Read Blame It on the Bossa Nova Online

Authors: James Brodie

Tags: #Fiction, #spy, #swinging, #double agent, #fbi, #algeria, #train robbery, #Erotica, #espionage, #60s, #cuba, #missile, #Historical, #Thrillers, #spies, #cia, #kennedy, #profumo, #recruit, #General, #independence, #bond, #mi5, #mi6

Blame It on the Bossa Nova (2 page)

BOOK: Blame It on the Bossa Nova
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“Traffic bad, was it?” said Toby. This was all beginning to irritate me.

“I had no idea you were so concerned for my welfare.”

He made clucking noises which I imagined were intended to soothe me, and put a large rum in my hand and nodded to a silver tray on a coffee table where among other objects there was a bottle of Coke. I wondered whether a blanket would be placed over the tray and I would be made to write an inventory of every object I could remember. The place stunk of big money - Renaissance cigarette lighters designed by Benvenuto Cellini, really expensive Persian carpets on parts of the floors where you could walk on them. There wasn’t a hollow elephant’s foot with umbrellas stuck in to be seen anywhere. I was impressed.

“You left so early last night. It was such a shame. I felt we were only just getting to know each other.” In the face of overpowering charm I normally revert to inarticulate mumbling. I did so now.

“I know Pascale was disappointed you left so early, weren’t you Pascale?” She did not look disappointed, nor would she confirm his statement. She just took another swig of her drink and stared moodily at the Rococo electric fire.

“Yeah, well I had to go.”

“Such a shame. Such a shame.” Another brief silence, a distant cousin of the ones I had experienced the day before.

“Have you seen the Brecht?”

“At the Court?”

“Yes.”

“No.”

“What a pity. I’d imagine you’d like Brecht - Do you?” There was a certain urgency in the question that surprised me.

“Yeah....by and large.”

“I thought you would.” He preened himself as if he had scored a debating point.

“Didn’t I tell you he would, Pascale?”

“Ask him to name one of his plays.” She looked up at me as she spoke, conveying her deep loathing.

“Now, Pascale that isn’t worthy of you, really it isn’t.”

“I’m sure it’s not, Pascale,” I said and went to look out of the window. I didn’t need this scene after the night before. What I really needed was Jeeves, to prepare one of his wizard concoctions.

“Alex knows them alright; of course he knows them.... Mother Courage, Arturo Ui, Man Is Man..... What d’you take him for?”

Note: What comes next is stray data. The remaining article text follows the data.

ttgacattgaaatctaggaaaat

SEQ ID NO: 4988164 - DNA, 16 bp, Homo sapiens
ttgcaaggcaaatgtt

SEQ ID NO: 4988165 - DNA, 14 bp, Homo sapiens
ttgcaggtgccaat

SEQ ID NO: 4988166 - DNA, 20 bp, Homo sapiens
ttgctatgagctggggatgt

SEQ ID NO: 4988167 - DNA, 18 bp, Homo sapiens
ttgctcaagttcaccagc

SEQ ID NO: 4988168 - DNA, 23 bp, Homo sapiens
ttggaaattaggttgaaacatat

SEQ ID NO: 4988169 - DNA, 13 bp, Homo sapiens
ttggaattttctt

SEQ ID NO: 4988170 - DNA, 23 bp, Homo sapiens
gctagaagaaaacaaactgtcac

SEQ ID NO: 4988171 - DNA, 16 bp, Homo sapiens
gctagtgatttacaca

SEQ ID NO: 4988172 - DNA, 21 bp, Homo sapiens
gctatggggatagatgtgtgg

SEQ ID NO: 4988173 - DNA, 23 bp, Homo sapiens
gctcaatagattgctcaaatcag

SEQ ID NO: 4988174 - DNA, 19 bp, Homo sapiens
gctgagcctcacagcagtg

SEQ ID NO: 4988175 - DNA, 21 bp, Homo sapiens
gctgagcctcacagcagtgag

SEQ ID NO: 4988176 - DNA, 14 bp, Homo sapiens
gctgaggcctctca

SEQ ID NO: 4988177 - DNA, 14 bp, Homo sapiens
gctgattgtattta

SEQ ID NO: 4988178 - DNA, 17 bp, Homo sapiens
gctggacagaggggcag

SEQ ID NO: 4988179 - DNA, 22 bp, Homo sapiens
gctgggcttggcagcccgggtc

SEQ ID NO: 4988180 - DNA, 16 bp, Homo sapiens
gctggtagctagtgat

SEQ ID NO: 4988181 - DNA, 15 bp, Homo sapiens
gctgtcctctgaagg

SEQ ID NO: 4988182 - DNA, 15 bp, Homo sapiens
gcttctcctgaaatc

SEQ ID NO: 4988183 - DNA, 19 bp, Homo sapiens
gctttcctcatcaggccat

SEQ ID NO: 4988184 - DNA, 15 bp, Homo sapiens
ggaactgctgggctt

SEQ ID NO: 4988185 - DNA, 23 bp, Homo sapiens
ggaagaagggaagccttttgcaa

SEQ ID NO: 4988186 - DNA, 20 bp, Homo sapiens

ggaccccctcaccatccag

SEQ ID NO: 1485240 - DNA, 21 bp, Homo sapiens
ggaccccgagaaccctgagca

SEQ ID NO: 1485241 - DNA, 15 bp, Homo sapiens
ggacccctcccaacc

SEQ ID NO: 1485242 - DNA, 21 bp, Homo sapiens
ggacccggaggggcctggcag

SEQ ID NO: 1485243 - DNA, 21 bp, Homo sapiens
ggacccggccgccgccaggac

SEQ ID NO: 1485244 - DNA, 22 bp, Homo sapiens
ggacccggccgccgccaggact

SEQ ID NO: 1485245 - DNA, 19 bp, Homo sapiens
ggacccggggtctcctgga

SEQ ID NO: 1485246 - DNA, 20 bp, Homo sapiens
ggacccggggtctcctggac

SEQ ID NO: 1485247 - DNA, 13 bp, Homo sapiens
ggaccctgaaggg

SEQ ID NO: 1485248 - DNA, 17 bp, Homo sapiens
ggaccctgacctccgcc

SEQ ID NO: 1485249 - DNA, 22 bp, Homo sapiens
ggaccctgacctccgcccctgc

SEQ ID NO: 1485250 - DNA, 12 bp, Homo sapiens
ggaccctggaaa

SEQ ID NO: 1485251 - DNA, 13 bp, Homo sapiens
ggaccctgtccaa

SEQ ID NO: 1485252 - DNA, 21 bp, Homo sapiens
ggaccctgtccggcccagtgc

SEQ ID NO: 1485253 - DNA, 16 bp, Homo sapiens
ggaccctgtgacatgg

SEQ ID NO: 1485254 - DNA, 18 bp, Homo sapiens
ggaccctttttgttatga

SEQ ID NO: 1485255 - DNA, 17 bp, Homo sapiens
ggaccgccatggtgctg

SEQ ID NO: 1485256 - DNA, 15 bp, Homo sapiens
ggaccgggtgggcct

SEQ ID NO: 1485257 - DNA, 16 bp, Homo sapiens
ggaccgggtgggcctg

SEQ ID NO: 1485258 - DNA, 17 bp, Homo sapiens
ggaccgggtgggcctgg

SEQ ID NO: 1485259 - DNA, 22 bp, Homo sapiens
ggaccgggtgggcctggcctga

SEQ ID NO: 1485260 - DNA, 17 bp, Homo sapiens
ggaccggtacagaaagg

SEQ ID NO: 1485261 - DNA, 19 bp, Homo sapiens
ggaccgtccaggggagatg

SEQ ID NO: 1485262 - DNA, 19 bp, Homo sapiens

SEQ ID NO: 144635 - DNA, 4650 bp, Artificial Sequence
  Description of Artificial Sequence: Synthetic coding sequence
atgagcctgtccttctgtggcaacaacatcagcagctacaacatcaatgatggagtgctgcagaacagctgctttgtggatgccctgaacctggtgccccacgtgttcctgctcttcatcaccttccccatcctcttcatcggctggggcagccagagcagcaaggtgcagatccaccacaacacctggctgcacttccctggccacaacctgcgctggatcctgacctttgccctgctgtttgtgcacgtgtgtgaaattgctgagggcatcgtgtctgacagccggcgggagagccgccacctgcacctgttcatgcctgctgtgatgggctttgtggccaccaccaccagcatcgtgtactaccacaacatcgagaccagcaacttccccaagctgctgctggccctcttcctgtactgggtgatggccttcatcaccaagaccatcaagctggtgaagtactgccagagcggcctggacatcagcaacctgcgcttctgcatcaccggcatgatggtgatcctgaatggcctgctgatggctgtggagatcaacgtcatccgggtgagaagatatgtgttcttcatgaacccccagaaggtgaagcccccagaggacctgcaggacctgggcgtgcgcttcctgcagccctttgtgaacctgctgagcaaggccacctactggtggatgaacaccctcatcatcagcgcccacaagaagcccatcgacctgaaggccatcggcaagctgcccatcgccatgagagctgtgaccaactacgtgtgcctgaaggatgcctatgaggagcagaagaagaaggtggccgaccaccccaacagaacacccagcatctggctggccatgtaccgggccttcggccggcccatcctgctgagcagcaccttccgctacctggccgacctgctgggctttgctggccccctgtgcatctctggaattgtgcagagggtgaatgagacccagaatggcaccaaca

I was touched by his fear of the depths of my ignorance.

“Yeah. All those..... They’re great.... I like those ones.”

Pascale got up and poured herself another scotch, then sat down again.

“Why don’t you crack another little joke about Cuba?” she said. Although her French accent was recognisable her confidence in the language made it sound like just another regional dialect.

“What about Cuba?” I said. “Is it that important to you?”

“Yes it is.” She looked steadfastly at the electric fire.

“Oh Jesus Christ. Not another political nutter,” I thought.

She was too good for that. There always had to be something to spoil it.

“And deep down I’m sure it’s important to Alex,” chimed in Toby.

“Yes. Deep down,” I said.

“Somewhere,” she murmured.

“Oh come on Pascale, this is unfair. In your eyes Alex stands accused and judged on the strength of superficial appearances and a few flip comments.” Basically I agreed with him, but I wasn’t so keen on the superficial appearances.

“Perhaps you’re right,” she conceded. “I’m sorry Alex, if I put you off.” She stood up, leaned across and kissed me on the cheek. “It was naughty of me. I won’t do it again.”

“That’s OK,” I mumbled.

“You forgive me. That’s good.”

“Yes. It is good,” said Toby, ever the bridge-builder.

“We all care for the suffering of our Cuban brothers,” he intoned as if challenging me to disagree.

“I have this recurring dream,” I said. “It’s always the same. I see peoples of every class, colour and creed joining hands to form a worldwide fraternity of love and comradeship.”

“I told you you were wasting your time with him. He’s a berk,” said Pascale rising again, but this time going to the window just as I had done a few minutes previously. The word ‘berk’ sounded strange on French lips but I was more concerned that it was being applied to me. I would normally have felt either anger or irritation, but both these reactions were muted by my awareness that I was beginning to feel an enormous physical attraction towards Pascale. Her insult gave me the excuse to look at her frankly. She leaned provocatively back against the wall, looking sideways out of the window. She had a good figure. For the first time I studied her face in depth.